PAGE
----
20. Citrix Receiver for iPad is a free 6.4MB download from Citrix Systems Inc. for secure access to virtual desktops, applications and data. When it comes to trusted Microsoft strategic partners, Citrix has set itself up as the gold standard over the years. Solution providers who are joint partners of Citrix and Microsoft now have a Citrix tool for pushing desktops and apps to the iPad.

21. Wyse PocketCloud RDP/VNC (Remote Desktop) is another offering from an old hand in the thin-client, remote desktop world that has made the short leap to the iPad. Wyse Technology Inc. offers a free version and a $14.99 Pro version of its 11MB tool. Interestingly, Wyse positions its tool for accessing applications running on your Windows desktop as a way around Apple's lack of support for Flash.

22. VMware View for iPad, released on March 9, marks the entry of the virtualization giant into the iPad remote desktop fray. The free 6.1MB app requires VMware View 4.6 or later from the IT department for the iPad app to work.

More options in this category are:

23. Jump Desktop (Remote Desktop) from Phase Five Systems at 10.2MB and $19.99.

24. Remote Desktop RDP from MochaSoft Apps, which includes Wake on LAN support. It's a 1MB download for $5.99.

25. iTap RDP (Remote Desktop for Windows) from HLW Software Development GmbH ($11.99, 4.5MB).

26. LogMeIn Ignition ($29.99) from LogMeIn Inc. allows direct control of a Mac or PC in a 3.9MB download.

27. GoToMyPC, also from Citrix, for connecting to Mac or PC is free but requires a subscription with GoToMyPC after a 30-day trial period (5MB).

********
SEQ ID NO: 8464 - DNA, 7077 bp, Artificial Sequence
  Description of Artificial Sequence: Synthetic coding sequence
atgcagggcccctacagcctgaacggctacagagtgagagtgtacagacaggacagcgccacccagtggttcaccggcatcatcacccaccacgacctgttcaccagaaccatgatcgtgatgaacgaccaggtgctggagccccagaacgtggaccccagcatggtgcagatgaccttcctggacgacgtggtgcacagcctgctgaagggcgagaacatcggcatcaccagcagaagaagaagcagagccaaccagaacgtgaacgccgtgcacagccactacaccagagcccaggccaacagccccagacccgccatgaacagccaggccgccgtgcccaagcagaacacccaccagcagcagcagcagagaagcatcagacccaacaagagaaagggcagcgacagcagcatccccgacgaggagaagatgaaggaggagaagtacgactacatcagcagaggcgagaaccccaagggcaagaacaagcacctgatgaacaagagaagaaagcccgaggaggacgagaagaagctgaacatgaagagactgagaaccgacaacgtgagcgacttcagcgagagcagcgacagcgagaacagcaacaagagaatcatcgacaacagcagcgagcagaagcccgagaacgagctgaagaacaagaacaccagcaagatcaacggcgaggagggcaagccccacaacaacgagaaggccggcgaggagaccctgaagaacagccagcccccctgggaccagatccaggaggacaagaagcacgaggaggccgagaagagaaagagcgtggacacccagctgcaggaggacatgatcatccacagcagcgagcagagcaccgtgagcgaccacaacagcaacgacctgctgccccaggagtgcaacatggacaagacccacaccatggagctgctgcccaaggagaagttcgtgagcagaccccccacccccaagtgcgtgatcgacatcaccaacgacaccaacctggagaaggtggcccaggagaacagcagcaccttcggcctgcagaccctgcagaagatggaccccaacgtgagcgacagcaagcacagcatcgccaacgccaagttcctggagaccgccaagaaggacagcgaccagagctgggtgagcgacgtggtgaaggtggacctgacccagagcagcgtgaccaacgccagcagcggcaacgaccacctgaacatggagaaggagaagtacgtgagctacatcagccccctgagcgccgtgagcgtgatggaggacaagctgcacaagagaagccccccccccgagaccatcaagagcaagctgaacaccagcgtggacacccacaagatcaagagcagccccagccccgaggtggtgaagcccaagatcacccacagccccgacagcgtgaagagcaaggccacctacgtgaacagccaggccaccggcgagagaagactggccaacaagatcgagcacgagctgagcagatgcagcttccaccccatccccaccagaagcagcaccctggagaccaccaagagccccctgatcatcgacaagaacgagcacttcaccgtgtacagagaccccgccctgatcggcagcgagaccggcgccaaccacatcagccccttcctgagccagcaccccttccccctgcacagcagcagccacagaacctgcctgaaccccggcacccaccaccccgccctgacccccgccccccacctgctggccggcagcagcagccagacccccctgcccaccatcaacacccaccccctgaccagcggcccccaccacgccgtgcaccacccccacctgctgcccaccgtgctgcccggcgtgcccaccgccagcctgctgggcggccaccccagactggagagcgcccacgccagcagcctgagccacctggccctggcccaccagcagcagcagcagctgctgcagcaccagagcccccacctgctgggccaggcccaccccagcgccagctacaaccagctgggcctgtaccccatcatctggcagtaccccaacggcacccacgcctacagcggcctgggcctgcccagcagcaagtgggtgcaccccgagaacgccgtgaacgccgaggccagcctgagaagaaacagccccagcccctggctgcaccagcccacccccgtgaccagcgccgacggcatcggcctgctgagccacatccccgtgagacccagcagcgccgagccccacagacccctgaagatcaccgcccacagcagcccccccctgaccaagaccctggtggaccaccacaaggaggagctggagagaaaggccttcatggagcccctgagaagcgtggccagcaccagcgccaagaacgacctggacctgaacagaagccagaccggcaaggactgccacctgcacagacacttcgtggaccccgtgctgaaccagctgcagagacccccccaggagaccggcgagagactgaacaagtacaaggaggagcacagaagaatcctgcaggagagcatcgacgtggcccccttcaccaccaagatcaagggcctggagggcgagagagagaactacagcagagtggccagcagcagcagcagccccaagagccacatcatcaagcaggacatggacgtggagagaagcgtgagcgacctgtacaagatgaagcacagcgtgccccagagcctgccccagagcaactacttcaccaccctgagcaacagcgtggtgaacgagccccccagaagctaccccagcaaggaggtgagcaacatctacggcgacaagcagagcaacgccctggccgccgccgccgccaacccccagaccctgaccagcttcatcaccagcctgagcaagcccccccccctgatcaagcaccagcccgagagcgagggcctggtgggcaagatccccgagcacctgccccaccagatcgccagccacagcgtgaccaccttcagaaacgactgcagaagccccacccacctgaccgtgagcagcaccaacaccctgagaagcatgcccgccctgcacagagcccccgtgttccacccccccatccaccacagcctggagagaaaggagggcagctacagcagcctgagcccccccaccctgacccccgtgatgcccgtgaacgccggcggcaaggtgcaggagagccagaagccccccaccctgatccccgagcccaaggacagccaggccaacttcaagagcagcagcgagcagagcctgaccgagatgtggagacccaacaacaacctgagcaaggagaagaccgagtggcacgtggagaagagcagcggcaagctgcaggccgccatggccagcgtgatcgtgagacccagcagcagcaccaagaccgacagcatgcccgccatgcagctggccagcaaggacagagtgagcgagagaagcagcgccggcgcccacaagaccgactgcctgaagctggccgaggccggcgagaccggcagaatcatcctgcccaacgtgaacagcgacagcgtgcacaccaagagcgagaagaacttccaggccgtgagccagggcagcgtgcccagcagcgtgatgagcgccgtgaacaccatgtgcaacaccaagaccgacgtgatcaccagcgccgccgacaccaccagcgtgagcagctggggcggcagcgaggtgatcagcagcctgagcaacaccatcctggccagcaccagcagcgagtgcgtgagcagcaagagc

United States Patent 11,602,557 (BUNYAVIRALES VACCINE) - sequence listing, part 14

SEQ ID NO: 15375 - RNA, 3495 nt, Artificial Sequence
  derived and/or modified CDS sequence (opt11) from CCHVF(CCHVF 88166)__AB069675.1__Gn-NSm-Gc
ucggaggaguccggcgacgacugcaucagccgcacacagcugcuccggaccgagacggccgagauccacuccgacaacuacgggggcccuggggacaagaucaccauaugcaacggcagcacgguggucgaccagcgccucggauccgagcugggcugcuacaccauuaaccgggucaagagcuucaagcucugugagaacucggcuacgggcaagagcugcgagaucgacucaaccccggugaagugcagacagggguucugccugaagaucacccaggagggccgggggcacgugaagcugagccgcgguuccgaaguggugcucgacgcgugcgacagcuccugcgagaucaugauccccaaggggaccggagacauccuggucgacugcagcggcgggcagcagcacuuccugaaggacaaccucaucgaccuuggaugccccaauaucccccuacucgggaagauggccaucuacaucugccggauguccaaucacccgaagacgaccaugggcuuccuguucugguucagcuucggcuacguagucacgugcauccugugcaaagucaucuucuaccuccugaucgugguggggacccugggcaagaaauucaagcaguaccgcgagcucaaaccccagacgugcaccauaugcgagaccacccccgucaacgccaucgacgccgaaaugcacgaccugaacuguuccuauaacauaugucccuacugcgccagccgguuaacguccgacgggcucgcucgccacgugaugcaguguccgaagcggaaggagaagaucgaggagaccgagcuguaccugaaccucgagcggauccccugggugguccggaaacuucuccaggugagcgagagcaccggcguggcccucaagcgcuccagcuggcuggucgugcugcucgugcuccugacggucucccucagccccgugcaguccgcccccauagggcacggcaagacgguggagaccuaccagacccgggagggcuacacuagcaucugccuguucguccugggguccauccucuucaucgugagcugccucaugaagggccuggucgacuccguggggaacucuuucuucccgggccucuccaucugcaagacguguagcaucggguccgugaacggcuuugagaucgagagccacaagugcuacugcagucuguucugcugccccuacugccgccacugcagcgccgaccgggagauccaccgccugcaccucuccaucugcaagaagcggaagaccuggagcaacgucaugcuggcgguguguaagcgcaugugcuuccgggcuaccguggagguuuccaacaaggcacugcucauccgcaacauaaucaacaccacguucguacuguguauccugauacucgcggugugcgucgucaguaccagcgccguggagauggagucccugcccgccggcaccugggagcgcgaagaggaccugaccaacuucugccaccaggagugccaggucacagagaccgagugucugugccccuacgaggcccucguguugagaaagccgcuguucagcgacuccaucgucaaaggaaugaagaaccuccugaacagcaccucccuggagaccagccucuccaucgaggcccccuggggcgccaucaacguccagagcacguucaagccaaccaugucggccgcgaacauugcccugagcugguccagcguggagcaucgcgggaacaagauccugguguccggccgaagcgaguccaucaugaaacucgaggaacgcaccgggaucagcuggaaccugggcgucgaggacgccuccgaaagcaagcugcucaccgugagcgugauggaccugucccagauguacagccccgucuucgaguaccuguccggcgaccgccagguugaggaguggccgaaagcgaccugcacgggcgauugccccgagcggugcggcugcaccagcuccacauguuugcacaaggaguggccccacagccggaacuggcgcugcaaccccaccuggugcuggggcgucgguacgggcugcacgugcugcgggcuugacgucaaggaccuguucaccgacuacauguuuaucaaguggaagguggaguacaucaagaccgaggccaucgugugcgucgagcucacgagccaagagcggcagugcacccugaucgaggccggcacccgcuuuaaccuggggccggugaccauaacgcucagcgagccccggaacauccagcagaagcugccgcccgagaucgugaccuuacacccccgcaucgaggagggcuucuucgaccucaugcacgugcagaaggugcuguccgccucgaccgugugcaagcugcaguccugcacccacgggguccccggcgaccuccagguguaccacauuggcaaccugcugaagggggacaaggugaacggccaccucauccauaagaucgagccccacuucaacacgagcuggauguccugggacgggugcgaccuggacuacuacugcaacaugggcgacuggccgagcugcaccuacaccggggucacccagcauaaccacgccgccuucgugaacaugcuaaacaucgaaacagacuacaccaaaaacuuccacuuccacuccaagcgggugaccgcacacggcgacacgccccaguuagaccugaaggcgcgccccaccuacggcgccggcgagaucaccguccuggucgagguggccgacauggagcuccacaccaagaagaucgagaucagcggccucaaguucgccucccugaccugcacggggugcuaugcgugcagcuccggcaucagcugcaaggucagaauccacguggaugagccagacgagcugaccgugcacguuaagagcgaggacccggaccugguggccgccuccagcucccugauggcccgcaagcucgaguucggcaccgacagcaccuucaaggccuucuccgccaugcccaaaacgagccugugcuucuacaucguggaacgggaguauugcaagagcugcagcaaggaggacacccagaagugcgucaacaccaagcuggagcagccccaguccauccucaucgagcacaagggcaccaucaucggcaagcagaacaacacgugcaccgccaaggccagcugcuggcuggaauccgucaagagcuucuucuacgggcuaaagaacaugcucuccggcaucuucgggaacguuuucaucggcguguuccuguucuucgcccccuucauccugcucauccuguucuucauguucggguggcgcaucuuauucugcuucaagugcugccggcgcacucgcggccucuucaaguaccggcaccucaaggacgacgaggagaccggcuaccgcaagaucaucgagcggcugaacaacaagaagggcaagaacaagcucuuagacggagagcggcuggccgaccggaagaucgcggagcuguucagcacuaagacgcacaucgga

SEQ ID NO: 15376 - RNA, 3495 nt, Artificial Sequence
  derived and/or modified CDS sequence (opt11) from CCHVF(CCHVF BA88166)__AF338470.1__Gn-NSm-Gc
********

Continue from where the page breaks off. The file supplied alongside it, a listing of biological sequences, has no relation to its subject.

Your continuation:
28. Connect My PC, $4.99 and 1.7MB, from Hana Mobile LLC, supports Windows XP Professional, Windows Vista (Business, Enterprise and Ultimate), Windows 7 (Professional, Enterprise and Ultimate) and Windows Server 2000, 2003 and 2008.

29. Cloud Connect Pro from Antecea Inc. allows viewing and control of Windows, Mac and Linux systems. The 15.8MB download costs $19.99.

30. KineticExtend for iPad comes from Acpana Business Solutions Inc., also known by its subsidiary's name, KineticD, and formerly known as Data Deposit Box. The online data protection specialist offers the 0.6MB, remote desktop app for free, and it connects to a free trial of KineticSecure or an activated account.

Business Applications
Another area ripe for iPad apps is Microsoft Dynamics CRM. We found five applications bringing customer relationship management to iPad-wielding sales pros. User reviews on the Apple iTunes App Store suggest none of the apps are quite ready for primetime, but partners' mileage may vary on the positive side due to broad and deep experience with Dynamics CRM.

31. Mobile CRM Enterprise from Resco spol. s.r.o. is intended for mobile sales professionals, allowing them to take a copy of their companies' Microsoft Dynamics CRM data with them and access, update and manage them on the local copy, which gets synchronized later. The app costs $49.99 and is a 12MB download. A free version is called Mobile CRM.

32. Mobile Edge for Microsoft Dynamics CRM is another offline-capable client that users can synchronize when they return to coverage areas. The 3.4MB app from iEnterprises Inc. is free.